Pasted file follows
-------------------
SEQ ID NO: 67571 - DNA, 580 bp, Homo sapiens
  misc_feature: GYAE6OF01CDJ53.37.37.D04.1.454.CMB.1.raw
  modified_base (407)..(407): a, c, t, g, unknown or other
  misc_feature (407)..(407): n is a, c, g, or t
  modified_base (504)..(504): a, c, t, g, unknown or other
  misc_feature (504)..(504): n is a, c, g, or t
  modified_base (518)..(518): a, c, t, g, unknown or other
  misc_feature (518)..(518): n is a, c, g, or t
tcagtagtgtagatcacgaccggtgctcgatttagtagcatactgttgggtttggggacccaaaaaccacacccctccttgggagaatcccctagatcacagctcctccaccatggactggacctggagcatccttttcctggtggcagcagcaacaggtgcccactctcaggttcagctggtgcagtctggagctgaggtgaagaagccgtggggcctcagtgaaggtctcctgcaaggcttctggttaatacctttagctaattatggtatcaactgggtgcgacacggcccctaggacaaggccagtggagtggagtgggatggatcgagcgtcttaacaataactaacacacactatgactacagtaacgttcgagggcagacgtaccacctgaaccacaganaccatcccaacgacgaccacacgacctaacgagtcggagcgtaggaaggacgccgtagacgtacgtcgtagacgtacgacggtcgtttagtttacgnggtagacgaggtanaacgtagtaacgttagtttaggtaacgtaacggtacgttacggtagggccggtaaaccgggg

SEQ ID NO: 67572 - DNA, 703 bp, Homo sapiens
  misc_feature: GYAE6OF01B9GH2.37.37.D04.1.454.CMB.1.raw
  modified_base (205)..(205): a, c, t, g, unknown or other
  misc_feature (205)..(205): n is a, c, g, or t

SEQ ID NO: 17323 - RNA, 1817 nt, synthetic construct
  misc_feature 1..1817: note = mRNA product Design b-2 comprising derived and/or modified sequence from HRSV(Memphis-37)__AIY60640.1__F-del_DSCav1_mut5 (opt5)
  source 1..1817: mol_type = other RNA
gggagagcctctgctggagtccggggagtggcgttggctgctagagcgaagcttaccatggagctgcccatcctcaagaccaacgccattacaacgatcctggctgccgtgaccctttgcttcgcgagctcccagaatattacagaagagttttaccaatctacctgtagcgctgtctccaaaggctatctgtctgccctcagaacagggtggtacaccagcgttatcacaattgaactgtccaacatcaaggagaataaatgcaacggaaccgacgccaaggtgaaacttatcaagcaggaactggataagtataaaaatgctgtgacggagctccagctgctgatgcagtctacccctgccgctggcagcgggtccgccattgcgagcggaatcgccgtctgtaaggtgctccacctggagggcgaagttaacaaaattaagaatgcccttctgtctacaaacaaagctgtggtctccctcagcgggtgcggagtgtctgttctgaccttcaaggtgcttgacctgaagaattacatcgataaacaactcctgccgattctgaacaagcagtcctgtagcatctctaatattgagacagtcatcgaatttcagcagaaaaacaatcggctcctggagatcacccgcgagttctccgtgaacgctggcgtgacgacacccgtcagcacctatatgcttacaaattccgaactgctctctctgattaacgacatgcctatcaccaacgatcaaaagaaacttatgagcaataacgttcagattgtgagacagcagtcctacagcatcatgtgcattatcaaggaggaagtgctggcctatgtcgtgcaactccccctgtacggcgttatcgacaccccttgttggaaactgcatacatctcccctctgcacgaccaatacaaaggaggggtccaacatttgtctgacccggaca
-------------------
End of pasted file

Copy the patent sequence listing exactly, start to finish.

SEQ ID NO: 67571 - DNA, 580 bp, Homo sapiens
  misc_feature: GYAE6OF01CDJ53.37.37.D04.1.454.CMB.1.raw
  modified_base (407)..(407): a, c, t, g, unknown or other
  misc_feature (407)..(407): n is a, c, g, or t
  modified_base (504)..(504): a, c, t, g, unknown or other
  misc_feature (504)..(504): n is a, c, g, or t
  modified_base (518)..(518): a, c, t, g, unknown or other
  misc_feature (518)..(518): n is a, c, g, or t
tcagtagtgtagatcacgaccggtgctcgatttagtagcatactgttgggtttggggacccaaaaaccacacccctccttgggagaatcccctagatcacagctcctccaccatggactggacctggagcatccttttcctggtggcagcagcaacaggtgcccactctcaggttcagctggtgcagtctggagctgaggtgaagaagccgtggggcctcagtgaaggtctcctgcaaggcttctggttaatacctttagctaattatggtatcaactgggtgcgacacggcccctaggacaaggccagtggagtggagtgggatggatcgagcgtcttaacaataactaacacacactatgactacagtaacgttcgagggcagacgtaccacctgaaccacaganaccatcccaacgacgaccacacgacctaacgagtcggagcgtaggaaggacgccgtagacgtacgtcgtagacgtacgacggtcgtttagtttacgnggtagacgaggtanaacgtagtaacgttagtttaggtaacgtaacggtacgttacggtagggccggtaaaccgggg

SEQ ID NO: 67572 - DNA, 703 bp, Homo sapiens
  misc_feature: GYAE6OF01B9GH2.37.37.D04.1.454.CMB.1.raw
  modified_base (205)..(205): a, c, t, g, unknown or other
  misc_feature (205)..(205): n is a, c, g, or t

SEQ ID NO: 17323 - RNA, 1817 nt, synthetic construct
  misc_feature 1..1817: note = mRNA product Design b-2 comprising derived and/or modified sequence from HRSV(Memphis-37)__AIY60640.1__F-del_DSCav1_mut5 (opt5)
  source 1..1817: mol_type = other RNA
gggagagcctctgctggagtccggggagtggcgttggctgctagagcgaagcttaccatggagctgcccatcctcaagaccaacgccattacaacgatcctggctgccgtgaccctttgcttcgcgagctcccagaatattacagaagagttttaccaatctacctgtagcgctgtctccaaaggctatctgtctgccctcagaacagggtggtacaccagcgttatcacaattgaactgtccaacatcaaggagaataaatgcaacggaaccgacgccaaggtgaaacttatcaagcaggaactggataagtataaaaatgctgtgacggagctccagctgctgatgcagtctacccctgccgctggcagcgggtccgccattgcgagcggaatcgccgtctgtaaggtgctccacctggagggcgaagttaacaaaattaagaatgcccttctgtctacaaacaaagctgtggtctccctcagcgggtgcggagtgtctgttctgaccttcaaggtgcttgacctgaagaattacatcgataaacaactcctgccgattctgaacaagcagtcctgtagcatctctaatattgagacagtcatcgaatttcagcagaaaaacaatcggctcctggagatcacccgcgagttctccgtgaacgctggcgtgacgacacccgtcagcacctatatgcttacaaattccgaactgctctctctgattaacgacatgcctatcaccaacgatcaaaagaaacttatgagcaataacgttcagattgtgagacagcagtcctacagcatcatgtgcattatcaaggaggaagtgctggcctatgtcgtgcaactccccctgtacggcgttatcgacaccccttgttggaaactgcatacatctcccctctgcacgaccaatacaaaggaggggtccaacatttgtctgacccggaca